When Kyrie Irving has the basketball, the percentages of something exciting happening is fairly high. The wizardry he displays with the rock is second to none. In NBA history, there haven't been many like him who possessed a herky-jerky, rush hour handle coupled with the skills to score effortlessly.
Irving's innate ability to score while leaving defenses left shook is a skill that basketball fans have fallen in love with.
Some keep saying that he is a shooting guard trapped in a point guard's body. While there is some truth to that, scoring point guards have become the norm across the league. Prior to closing out the Boston Celtics in 5 games, we didn't really see the Kyrie that we've been accustomed to, but after the watching the last two games of the Eastern Conference Finals, it's safe to say that Uncle Drew is back.
Prior to Game 4 of the ECF, one could argue that Irving didn't play his best basketball through 11 games of the postseason. In fact, between Game 3 of the first round series against Indiana and Game 1 of the East finals, Irving had a stretch where he shot 36 percent from the field.
With the Cavs winning convincingly against Indiana, Toronto and Boston, Irving's play didn't warrant much concern. Due to LeBron James' phenomenal play - averaging 32.3 points, 6.9 assists and eight rebounds per game while shooting over 55 percent from the field and 40 percent from long range - it was easy to ignore what Irving and the Cavs were doing wrong.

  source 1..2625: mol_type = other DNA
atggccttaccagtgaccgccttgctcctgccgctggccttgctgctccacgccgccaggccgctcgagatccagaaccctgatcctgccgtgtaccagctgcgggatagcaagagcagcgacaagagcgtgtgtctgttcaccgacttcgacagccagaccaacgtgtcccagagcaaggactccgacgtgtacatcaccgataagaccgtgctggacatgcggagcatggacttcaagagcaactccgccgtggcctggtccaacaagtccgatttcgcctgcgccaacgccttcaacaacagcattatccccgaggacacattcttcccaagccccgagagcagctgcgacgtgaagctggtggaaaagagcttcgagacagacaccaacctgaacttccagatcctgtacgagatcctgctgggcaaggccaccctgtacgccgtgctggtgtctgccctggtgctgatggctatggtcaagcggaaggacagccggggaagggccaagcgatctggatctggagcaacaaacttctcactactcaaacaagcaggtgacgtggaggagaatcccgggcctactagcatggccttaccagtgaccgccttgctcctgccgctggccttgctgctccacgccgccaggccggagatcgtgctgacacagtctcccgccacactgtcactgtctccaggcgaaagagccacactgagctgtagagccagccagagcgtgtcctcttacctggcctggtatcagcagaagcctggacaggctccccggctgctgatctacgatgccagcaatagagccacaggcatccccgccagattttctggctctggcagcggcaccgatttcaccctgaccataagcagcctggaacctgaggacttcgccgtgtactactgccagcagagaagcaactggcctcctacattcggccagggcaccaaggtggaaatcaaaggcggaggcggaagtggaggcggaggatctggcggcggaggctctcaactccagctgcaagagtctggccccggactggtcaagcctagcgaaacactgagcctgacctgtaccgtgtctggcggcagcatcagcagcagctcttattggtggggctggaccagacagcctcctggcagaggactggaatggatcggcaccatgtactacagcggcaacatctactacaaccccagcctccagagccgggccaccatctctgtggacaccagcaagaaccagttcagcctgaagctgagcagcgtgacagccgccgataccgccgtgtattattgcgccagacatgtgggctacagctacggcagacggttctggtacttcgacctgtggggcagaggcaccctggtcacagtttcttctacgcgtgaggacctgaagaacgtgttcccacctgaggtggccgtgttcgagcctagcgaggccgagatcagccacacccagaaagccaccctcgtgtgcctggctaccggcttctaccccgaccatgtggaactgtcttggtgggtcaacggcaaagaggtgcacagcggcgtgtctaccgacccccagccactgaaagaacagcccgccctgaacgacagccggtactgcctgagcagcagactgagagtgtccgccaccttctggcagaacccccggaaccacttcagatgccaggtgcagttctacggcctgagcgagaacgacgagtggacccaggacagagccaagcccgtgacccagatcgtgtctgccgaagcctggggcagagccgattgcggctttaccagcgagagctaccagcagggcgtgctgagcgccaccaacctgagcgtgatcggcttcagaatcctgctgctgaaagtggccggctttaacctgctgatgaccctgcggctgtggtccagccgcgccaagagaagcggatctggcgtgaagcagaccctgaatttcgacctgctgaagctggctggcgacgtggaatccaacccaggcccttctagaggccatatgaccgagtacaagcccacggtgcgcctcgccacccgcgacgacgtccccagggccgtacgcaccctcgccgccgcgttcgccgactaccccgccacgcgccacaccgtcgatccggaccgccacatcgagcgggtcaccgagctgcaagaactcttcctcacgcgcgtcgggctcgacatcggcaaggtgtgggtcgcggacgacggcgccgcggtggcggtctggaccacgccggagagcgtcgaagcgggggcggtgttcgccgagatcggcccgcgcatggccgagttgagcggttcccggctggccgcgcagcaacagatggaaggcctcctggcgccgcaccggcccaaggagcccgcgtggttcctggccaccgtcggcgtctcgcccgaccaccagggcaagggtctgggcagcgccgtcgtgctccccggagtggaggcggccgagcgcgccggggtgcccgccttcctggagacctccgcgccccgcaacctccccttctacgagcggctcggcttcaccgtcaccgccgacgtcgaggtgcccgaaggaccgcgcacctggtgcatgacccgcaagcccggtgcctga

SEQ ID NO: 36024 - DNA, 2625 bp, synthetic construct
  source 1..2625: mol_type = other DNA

That said, we knew that it had be a matter of time before Irving, like the Cavaliers' defense, would flip the switch.
It began in the second quarter of Game 4 of the Eastern Conference Finals. Irving had the eye of the tiger. By looking at him, you could see that he wasn't going to let Cleveland lose.
From there, he morphed into his alter ego. Although his hair didn't look like Bill Russell's and his beard didn't look Claude Banks from the movie Life, the player wearing No. 2 resembled the guy that has a penchant for throwing pocket passes and breaking ankles.
As LeBron James picked up his fourth foul in the second quarter, Irving took it upon himself to position his team towards a much-needed win.
From the time when James sat on the bench until end of the third quarter, Irving went bonkers. In a quarter and a half, he scored 33 points leading the charge as Cleveland outscored the Celtics 54-37. From three-pointers to an array of Rod Strickland-like layups, nothing or no one could stop him.
Not only was Irving's performance in the ECF amazing, it gives the Cavs another nearly unstoppable element. In Game 1, Irving began the series with a 4-for-11 game, but after that he had four straight games where he shot 60 percent or better from the field. As a whole, Irving shot 62 percent from the field and also had a true shooting percentage fo 76. Not to mention he did it against two of the league's best defenders in Avery Bradley and Marcus Smart.
Timing is everything, especially in the NBA. Thanks to Irving's best stretch of of the postseason, it sets the table of things that could come in the NBA Finals. With Uncle Drew truly on display right now, it could spell trouble for Golden State just as it did in last year's NBA Finals.